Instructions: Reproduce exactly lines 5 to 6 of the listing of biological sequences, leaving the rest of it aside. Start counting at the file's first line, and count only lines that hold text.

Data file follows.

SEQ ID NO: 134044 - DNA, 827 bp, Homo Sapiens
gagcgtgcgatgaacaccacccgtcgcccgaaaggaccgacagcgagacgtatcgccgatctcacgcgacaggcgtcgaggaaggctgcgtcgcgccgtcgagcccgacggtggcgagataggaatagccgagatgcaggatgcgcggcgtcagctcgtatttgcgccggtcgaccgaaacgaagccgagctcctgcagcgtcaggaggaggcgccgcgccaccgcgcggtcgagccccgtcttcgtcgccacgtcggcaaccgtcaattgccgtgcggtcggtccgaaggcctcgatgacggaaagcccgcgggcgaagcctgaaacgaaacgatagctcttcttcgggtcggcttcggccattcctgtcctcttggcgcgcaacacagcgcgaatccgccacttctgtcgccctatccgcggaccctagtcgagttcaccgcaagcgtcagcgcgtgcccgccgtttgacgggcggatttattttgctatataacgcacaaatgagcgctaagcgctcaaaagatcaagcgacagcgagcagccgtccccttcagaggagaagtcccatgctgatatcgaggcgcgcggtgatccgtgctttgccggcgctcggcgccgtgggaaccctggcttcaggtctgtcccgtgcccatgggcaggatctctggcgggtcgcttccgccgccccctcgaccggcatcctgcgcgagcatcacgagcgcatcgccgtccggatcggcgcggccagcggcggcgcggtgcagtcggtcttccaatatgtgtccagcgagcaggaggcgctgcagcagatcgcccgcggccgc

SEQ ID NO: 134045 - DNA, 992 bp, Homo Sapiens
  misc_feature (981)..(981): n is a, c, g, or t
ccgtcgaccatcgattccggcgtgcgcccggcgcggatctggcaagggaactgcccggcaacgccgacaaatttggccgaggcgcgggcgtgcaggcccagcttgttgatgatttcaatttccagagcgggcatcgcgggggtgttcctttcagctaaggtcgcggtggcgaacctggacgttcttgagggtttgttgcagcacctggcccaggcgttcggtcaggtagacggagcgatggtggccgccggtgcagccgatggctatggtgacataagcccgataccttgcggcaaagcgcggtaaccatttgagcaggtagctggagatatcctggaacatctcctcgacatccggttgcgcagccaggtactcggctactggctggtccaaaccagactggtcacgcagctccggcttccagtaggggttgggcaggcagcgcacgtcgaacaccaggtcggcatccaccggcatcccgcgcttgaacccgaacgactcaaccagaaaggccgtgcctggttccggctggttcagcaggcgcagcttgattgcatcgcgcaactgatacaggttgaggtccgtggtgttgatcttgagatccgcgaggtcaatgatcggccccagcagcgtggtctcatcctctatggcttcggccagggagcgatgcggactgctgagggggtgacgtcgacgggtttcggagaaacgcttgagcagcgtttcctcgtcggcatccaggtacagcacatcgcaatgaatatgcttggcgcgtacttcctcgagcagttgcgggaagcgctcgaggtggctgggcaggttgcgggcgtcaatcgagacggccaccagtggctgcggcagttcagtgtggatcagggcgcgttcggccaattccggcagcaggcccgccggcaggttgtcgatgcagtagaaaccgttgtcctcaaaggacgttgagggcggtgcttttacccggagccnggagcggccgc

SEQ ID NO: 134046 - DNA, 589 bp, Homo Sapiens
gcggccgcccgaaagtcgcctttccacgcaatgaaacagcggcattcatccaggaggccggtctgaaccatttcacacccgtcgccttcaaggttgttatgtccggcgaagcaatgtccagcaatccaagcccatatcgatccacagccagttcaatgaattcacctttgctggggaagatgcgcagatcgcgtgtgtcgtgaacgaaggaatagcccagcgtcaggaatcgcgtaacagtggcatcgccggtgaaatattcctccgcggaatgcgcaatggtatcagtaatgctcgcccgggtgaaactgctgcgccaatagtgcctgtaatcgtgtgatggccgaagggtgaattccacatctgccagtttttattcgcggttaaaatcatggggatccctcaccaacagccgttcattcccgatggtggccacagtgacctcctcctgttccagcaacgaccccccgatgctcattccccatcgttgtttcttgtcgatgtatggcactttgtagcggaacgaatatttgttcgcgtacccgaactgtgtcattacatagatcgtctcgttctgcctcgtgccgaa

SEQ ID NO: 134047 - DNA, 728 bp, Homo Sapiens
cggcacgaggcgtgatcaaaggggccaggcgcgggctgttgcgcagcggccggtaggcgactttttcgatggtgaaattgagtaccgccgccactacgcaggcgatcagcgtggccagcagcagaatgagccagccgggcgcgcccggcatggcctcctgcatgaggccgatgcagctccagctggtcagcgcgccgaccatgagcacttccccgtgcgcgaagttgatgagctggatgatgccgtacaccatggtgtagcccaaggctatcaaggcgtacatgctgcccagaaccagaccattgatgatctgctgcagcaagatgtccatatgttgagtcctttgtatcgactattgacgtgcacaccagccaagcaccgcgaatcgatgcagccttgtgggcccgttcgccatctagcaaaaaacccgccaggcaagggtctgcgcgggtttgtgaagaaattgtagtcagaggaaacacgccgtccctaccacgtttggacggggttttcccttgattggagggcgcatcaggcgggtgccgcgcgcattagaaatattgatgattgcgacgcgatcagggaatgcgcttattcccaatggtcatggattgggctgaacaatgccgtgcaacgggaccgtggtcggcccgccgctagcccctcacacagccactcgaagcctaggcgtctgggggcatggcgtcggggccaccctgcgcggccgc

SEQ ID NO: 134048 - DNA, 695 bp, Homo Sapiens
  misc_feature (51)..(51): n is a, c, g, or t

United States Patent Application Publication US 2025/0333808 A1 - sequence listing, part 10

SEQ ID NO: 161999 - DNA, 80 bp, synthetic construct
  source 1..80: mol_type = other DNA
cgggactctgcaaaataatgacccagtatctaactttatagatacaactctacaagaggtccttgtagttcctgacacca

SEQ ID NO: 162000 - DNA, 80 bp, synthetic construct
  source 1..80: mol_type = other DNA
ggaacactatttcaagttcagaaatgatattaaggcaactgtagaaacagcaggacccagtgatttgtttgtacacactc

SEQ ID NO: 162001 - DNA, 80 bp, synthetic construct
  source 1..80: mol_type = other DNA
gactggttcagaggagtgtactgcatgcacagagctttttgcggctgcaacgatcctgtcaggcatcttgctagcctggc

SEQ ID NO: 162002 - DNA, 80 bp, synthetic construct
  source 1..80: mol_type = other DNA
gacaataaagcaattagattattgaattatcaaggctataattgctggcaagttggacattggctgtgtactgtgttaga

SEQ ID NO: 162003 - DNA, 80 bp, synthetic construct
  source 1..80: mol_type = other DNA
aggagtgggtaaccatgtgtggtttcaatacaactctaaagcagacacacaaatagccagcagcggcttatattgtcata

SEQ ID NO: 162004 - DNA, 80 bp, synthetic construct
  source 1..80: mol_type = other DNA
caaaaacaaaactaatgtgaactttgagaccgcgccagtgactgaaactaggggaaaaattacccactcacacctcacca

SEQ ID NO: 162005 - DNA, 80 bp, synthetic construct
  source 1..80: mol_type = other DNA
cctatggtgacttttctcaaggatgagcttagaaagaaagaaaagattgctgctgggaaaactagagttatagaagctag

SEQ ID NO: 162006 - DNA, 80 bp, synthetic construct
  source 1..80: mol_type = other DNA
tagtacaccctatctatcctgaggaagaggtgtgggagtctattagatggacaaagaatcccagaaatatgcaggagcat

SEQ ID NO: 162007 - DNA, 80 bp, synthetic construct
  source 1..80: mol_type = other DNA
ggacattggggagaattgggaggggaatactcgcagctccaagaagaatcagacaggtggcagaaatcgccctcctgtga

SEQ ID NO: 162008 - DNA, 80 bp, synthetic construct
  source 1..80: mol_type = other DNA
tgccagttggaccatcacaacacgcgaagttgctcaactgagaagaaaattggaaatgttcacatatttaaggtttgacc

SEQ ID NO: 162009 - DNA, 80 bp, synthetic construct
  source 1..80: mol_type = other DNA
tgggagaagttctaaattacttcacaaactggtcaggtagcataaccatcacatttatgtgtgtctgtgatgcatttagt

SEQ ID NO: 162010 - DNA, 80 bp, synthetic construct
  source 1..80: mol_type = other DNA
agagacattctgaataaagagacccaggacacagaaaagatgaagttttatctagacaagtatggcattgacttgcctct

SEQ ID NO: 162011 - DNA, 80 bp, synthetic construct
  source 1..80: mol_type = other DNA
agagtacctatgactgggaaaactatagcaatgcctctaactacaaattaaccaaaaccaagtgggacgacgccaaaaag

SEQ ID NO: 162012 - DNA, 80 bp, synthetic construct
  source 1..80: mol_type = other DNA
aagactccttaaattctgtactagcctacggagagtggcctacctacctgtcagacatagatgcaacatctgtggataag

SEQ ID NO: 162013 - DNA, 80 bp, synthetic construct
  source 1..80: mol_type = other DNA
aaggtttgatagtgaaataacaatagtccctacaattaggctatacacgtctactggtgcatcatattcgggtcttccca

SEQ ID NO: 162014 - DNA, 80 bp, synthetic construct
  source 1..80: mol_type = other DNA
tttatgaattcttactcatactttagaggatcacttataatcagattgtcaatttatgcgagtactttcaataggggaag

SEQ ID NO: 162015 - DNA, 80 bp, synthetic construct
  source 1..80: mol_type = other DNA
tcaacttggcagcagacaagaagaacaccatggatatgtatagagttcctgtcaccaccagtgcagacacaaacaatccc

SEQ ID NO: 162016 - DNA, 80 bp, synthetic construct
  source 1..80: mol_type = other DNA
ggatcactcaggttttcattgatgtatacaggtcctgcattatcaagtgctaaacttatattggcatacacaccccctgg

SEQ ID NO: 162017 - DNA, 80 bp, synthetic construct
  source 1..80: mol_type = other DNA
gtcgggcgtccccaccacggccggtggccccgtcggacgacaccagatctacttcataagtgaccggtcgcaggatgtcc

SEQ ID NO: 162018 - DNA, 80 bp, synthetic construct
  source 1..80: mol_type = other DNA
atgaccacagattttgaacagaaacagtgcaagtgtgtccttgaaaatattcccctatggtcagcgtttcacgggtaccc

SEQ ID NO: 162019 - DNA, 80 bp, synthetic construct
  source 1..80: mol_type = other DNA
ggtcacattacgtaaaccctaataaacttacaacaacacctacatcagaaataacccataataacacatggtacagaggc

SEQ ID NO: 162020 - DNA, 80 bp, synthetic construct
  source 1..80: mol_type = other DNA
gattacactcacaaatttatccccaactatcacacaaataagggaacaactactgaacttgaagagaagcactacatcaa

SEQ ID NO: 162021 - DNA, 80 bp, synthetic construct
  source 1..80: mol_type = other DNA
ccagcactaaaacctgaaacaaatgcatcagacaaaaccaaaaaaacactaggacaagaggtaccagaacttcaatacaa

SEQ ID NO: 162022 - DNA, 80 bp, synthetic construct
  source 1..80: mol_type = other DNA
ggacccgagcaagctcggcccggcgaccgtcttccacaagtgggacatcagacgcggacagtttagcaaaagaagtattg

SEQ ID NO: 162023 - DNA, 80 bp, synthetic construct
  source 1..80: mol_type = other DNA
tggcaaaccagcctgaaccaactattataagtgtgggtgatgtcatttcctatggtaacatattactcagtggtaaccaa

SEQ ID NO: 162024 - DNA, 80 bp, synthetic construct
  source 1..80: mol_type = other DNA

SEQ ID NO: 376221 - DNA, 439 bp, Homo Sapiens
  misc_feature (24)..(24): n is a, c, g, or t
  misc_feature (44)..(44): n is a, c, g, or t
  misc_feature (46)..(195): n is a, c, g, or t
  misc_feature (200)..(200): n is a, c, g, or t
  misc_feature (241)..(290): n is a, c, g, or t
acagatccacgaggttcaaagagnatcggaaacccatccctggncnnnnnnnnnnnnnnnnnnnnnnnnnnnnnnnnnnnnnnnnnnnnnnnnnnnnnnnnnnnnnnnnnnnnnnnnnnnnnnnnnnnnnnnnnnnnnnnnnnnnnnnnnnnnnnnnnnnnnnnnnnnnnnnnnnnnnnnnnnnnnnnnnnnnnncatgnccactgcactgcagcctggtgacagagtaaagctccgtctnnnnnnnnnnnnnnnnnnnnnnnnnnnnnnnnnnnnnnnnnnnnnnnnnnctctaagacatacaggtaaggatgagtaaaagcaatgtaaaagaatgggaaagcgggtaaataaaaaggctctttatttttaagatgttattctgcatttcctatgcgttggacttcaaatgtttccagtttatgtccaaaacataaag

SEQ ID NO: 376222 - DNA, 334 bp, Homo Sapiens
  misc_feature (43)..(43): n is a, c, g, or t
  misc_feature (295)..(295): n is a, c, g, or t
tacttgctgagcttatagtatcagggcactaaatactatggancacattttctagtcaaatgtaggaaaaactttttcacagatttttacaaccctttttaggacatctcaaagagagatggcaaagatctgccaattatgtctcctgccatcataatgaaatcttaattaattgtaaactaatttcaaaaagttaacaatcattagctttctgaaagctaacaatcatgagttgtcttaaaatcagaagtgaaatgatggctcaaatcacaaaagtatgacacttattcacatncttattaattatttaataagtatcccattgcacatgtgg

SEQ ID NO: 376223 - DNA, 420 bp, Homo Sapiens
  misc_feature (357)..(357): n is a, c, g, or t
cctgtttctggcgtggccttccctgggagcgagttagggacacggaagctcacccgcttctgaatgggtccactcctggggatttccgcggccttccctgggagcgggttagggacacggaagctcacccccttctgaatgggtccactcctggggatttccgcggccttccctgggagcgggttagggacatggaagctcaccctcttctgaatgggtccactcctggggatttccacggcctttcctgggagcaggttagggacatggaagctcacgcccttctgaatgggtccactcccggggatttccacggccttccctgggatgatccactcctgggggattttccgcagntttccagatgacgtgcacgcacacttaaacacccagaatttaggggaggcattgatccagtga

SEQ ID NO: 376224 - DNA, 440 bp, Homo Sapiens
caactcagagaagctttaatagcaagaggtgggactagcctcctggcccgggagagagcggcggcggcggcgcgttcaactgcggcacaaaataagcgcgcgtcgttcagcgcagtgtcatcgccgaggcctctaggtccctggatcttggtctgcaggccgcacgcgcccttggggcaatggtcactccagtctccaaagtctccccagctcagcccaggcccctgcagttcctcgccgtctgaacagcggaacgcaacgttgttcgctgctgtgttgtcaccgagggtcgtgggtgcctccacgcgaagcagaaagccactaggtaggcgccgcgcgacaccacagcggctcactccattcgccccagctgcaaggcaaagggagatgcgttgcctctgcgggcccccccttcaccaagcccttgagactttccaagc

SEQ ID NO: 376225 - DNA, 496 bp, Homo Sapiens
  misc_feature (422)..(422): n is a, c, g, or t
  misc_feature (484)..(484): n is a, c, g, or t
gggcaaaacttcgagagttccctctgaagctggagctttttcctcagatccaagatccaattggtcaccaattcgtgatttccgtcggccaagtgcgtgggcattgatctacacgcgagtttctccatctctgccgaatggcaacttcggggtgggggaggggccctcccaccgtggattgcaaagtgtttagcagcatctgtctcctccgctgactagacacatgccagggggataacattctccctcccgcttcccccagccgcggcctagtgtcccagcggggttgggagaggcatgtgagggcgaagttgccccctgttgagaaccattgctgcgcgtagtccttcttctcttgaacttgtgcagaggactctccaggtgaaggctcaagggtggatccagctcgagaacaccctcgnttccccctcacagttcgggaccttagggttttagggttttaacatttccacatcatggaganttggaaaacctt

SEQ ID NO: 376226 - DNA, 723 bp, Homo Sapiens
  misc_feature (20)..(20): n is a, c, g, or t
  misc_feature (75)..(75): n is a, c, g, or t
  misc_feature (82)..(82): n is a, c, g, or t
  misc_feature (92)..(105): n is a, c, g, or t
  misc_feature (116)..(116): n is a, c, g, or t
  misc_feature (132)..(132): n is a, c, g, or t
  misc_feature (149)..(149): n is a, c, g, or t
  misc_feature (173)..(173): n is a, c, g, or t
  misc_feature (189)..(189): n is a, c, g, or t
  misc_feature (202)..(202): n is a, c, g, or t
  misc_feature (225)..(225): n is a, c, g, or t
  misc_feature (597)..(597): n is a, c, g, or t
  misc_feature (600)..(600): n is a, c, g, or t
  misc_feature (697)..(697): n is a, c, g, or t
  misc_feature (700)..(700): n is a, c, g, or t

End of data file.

ccgtcgaccatcgattccggcgtgcgcccggcgcggatctggcaagggaactgcccggcaacgccgacaaatttggccgaggcgcgggcgtgcaggcccagcttgttgatgatttcaatttccagagcgggcatcgcgggggtgttcctttcagctaaggtcgcggtggcgaacctggacgttcttgagggtttgttgcagcacctggcccaggcgttcggtcaggtagacggagcgatggtggccgccggtgcagccgatggctatggtgacataagcccgataccttgcggcaaagcgcggtaaccatttgagcaggtagctggagatatcctggaacatctcctcgacatccggttgcgcagccaggtactcggctactggctggtccaaaccagactggtcacgcagctccggcttccagtaggggttgggcaggcagcgcacgtcgaacaccaggtcggcatccaccggcatcccgcgcttgaacccgaacgactcaaccagaaaggccgtgcctggttccggctggttcagcaggcgcagcttgattgcatcgcgcaactgatacaggttgaggtccgtggtgttgatcttgagatccgcgaggtcaatgatcggccccagcagcgtggtctcatcctctatggcttcggccagggagcgatgcggactgctgagggggtgacgtcgacgggtttcggagaaacgcttgagcagcgtttcctcgtcggcatccaggtacagcacatcgcaatgaatatgcttggcgcgtacttcctcgagcagttgcgggaagcgctcgaggtggctgggcaggttgcgggcgtcaatcgagacggccaccagtggctgcggcagttcagtgtggatcagggcgcgttcggccaattccggcagcaggcccgccggcaggttgtcgatgcagtagaaaccgttgtcctcaaaggacgttgagggcggtgcttttacccggagccnggagcggccgc

SEQ ID NO: 134046 - DNA, 589 bp, Homo Sapiens